There is no progressbar after download and extraction for the tile creation. And this takes a few minutes.

Command log:

# using the fork, not the original
git clone https://github.com/CelticJasen/open-elevation
cd open-elevation
mkdir data
# download and process the tiles
docker run -t -i -v $(pwd):/code openelevation/open-elevation /code/create-dataset.sh
# running the webservice
docker run -t -i -v $(pwd):/code -p 80:8080 openelevation/open-elevation

Next we try to use the API and query a single point to test the accuracy: The height of the Feldberg which is the highest mountain in the black forest with 1493 meters.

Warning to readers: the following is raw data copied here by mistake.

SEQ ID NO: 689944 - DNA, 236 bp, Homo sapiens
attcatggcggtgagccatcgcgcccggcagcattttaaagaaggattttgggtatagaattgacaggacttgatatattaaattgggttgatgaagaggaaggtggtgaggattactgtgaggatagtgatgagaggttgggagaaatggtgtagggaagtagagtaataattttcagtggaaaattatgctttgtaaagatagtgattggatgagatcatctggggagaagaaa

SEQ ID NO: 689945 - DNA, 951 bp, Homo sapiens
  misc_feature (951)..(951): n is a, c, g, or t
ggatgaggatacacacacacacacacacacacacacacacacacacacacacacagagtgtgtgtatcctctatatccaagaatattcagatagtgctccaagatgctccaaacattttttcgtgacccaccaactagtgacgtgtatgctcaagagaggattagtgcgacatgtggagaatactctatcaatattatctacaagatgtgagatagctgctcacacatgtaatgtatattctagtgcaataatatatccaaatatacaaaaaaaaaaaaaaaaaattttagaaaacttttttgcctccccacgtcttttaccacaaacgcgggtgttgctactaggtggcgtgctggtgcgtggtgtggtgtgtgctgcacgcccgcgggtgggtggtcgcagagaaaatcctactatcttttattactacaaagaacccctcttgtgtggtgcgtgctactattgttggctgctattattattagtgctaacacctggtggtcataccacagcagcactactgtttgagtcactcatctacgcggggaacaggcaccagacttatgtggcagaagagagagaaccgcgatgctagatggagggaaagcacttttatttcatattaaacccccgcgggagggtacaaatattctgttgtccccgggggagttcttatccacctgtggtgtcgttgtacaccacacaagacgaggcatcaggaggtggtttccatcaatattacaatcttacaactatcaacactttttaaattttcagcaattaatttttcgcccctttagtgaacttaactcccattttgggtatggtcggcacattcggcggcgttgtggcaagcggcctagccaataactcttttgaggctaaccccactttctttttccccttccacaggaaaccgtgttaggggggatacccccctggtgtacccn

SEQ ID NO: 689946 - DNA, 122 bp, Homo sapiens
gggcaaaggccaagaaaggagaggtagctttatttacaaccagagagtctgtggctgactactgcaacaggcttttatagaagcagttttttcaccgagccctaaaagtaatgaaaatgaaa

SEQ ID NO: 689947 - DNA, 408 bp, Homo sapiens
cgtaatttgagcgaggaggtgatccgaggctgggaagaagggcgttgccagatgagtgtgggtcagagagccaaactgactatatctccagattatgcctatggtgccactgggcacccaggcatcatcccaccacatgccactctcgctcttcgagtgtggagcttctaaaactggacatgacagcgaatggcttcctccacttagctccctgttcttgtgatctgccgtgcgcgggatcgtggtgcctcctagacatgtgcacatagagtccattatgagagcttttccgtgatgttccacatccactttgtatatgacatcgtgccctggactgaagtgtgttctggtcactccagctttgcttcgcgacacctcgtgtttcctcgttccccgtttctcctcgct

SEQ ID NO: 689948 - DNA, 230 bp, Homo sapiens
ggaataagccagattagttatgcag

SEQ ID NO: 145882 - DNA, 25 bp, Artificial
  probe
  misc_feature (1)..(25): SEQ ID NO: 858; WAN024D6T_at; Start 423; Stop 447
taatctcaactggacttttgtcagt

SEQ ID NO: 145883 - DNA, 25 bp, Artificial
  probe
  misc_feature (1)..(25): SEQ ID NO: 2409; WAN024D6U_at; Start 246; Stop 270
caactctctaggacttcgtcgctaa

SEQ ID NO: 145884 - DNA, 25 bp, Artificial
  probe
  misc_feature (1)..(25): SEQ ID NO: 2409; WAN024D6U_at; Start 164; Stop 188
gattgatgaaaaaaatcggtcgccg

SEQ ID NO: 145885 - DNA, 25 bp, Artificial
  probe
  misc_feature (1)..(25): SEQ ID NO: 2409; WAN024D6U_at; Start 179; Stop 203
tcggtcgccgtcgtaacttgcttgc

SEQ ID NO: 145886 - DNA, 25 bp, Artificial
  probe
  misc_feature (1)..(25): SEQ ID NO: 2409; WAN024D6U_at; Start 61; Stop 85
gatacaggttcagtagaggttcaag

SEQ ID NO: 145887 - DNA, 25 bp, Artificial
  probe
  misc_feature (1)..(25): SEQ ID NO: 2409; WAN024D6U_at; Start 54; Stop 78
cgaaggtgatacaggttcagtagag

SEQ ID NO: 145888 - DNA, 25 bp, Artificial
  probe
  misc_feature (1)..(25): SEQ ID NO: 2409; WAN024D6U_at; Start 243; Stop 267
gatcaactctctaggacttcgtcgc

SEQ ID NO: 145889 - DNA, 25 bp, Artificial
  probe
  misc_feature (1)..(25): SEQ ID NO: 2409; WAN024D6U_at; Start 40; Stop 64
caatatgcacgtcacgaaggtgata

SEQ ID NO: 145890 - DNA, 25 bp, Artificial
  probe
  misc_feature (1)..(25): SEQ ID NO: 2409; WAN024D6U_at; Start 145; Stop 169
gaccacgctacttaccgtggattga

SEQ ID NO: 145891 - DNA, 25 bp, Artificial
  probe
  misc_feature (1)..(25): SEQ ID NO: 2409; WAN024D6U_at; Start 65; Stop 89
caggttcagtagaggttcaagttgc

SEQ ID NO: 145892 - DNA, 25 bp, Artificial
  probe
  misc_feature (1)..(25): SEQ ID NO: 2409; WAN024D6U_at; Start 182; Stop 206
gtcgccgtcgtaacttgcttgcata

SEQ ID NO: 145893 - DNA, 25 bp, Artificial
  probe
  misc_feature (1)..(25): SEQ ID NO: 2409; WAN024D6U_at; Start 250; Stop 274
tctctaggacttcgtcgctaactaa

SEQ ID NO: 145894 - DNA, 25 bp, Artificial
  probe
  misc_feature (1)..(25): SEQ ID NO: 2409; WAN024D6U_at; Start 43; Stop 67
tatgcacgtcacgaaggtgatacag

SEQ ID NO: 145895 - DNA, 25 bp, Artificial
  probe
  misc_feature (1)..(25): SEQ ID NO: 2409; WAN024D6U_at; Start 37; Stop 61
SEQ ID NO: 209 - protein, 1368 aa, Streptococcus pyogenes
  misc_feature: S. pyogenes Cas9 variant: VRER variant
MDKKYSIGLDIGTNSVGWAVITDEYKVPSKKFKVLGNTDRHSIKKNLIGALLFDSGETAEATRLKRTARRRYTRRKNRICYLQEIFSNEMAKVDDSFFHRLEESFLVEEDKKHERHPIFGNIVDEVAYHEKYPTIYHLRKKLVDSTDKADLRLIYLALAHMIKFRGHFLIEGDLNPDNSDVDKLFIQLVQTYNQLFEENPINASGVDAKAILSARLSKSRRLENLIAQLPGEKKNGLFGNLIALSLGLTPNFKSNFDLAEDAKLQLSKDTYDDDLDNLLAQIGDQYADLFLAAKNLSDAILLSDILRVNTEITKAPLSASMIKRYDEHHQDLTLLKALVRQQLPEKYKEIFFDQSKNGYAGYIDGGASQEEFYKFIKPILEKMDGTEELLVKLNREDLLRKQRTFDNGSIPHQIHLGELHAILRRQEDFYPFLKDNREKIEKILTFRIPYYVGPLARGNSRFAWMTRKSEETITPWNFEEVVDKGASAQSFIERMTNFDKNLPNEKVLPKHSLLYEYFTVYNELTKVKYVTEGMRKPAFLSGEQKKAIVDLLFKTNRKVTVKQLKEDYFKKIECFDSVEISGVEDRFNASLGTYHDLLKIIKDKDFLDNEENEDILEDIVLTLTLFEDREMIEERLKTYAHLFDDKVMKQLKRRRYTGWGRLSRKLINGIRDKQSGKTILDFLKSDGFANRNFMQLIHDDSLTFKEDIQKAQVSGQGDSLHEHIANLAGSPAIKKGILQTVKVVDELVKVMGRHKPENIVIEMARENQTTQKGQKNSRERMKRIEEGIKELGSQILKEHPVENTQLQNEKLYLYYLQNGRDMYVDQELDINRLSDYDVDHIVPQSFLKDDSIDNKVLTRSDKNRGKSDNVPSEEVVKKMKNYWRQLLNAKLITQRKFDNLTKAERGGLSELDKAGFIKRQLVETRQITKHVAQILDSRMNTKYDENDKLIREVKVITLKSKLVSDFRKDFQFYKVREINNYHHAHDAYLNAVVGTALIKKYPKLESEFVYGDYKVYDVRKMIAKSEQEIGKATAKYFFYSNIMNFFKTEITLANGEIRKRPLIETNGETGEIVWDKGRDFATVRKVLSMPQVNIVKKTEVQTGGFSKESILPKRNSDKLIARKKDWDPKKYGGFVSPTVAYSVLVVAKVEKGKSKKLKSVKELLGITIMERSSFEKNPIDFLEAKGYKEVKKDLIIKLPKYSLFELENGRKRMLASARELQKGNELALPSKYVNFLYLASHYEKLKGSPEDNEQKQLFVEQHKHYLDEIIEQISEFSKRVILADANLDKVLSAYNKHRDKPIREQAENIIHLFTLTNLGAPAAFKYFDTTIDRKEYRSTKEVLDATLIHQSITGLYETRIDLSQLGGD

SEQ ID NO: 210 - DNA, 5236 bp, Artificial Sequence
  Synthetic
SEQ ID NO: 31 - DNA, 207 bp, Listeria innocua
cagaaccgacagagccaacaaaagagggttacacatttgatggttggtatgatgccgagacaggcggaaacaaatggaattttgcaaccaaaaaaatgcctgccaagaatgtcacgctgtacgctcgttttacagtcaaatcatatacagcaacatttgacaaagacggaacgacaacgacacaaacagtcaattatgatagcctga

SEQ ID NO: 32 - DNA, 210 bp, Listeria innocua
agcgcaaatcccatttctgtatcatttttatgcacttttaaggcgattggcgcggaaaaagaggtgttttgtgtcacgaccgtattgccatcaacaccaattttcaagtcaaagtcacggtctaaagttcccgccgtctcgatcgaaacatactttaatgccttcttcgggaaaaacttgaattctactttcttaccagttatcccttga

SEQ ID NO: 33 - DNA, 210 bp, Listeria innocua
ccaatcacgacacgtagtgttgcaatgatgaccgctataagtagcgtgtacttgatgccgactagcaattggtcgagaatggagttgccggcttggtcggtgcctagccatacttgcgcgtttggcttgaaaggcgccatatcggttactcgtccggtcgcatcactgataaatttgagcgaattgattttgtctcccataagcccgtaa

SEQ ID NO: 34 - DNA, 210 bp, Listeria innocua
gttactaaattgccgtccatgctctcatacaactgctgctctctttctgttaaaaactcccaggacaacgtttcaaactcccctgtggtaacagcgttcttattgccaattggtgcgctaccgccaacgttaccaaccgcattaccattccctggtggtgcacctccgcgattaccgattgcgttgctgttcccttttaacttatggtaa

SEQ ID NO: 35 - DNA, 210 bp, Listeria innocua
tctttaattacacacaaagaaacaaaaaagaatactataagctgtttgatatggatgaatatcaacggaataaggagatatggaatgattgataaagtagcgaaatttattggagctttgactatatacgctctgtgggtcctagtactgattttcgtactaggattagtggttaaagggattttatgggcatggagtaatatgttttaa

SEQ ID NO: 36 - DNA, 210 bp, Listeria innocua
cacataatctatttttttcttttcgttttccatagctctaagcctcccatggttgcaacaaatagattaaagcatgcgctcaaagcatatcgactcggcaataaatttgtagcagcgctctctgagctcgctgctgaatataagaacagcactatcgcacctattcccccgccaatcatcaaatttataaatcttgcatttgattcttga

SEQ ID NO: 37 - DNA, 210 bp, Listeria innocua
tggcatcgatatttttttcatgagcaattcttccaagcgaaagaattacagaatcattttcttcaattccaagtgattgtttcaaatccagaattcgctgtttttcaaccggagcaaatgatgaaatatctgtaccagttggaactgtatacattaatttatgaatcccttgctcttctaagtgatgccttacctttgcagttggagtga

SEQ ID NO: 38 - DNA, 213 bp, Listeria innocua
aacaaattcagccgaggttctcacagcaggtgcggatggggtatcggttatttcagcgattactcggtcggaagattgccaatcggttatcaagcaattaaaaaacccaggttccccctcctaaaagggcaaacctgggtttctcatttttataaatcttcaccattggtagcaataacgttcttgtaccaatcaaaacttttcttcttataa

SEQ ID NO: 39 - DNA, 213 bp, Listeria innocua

curl http://<IP-ADDRESS-OF-YOUR-SERVER>/api/v1/lookup?locations=47.8739912,8.0046735
# {"results": [{"latitude": 47.8739912, "longitude": 8.0046735, "elevation": 1490}]}

The result is close enough.

Finally processing a list of points within one api call:

curl -X POST http://<IP-ADDRESS-OF-YOUR-SERVER>/api/v1/lookup --header "Content-Type: application/json" \
--data '{"locations": [{"latitude": 52.37313,"longitude": 4.89135},{"latitude": 59.32687,"longitude": 18.07035}]}'
# {"results": [{"latitude": 52.37313, "longitude": 4.89135, "elevation": 14}, {"latitude": 59.32687, "longitude": 18.07035, "elevation": 28}]}%
Both points are in cities near the coast, so the values are as expected.
I used this API for a few thousand points and the response time was near instant.
This thing is fast and the results are close enough for probably most usecases.